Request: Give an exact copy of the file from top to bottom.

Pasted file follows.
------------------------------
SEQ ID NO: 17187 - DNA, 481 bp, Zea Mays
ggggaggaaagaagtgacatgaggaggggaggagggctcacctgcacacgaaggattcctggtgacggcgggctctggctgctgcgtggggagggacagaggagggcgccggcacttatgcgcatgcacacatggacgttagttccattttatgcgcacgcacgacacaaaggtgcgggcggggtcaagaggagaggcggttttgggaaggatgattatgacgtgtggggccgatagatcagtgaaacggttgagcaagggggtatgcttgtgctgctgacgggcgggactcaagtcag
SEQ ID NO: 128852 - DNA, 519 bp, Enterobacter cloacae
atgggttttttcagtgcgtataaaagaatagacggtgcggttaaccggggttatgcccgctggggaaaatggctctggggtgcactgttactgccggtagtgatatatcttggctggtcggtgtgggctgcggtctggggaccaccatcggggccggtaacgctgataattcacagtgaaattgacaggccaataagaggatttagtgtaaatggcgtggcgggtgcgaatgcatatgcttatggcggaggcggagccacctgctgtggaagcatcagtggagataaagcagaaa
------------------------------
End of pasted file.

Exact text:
SEQ ID NO: 17187 - DNA, 481 bp, Zea Mays
ggggaggaaagaagtgacatgaggaggggaggagggctcacctgcacacgaaggattcctggtgacggcgggctctggctgctgcgtggggagggacagaggagggcgccggcacttatgcgcatgcacacatggacgttagttccattttatgcgcacgcacgacacaaaggtgcgggcggggtcaagaggagaggcggttttgggaaggatgattatgacgtgtggggccgatagatcagtgaaacggttgagcaagggggtatgcttgtgctgctgacgggcgggactcaagtcag
SEQ ID NO: 128852 - DNA, 519 bp, Enterobacter cloacae
atgggttttttcagtgcgtataaaagaatagacggtgcggttaaccggggttatgcccgctggggaaaatggctctggggtgcactgttactgccggtagtgatatatcttggctggtcggtgtgggctgcggtctggggaccaccatcggggccggtaacgctgataattcacagtgaaattgacaggccaataagaggatttagtgtaaatggcgtggcgggtgcgaatgcatatgcttatggcggaggcggagccacctgctgtggaagcatcagtggagataaagcagaaa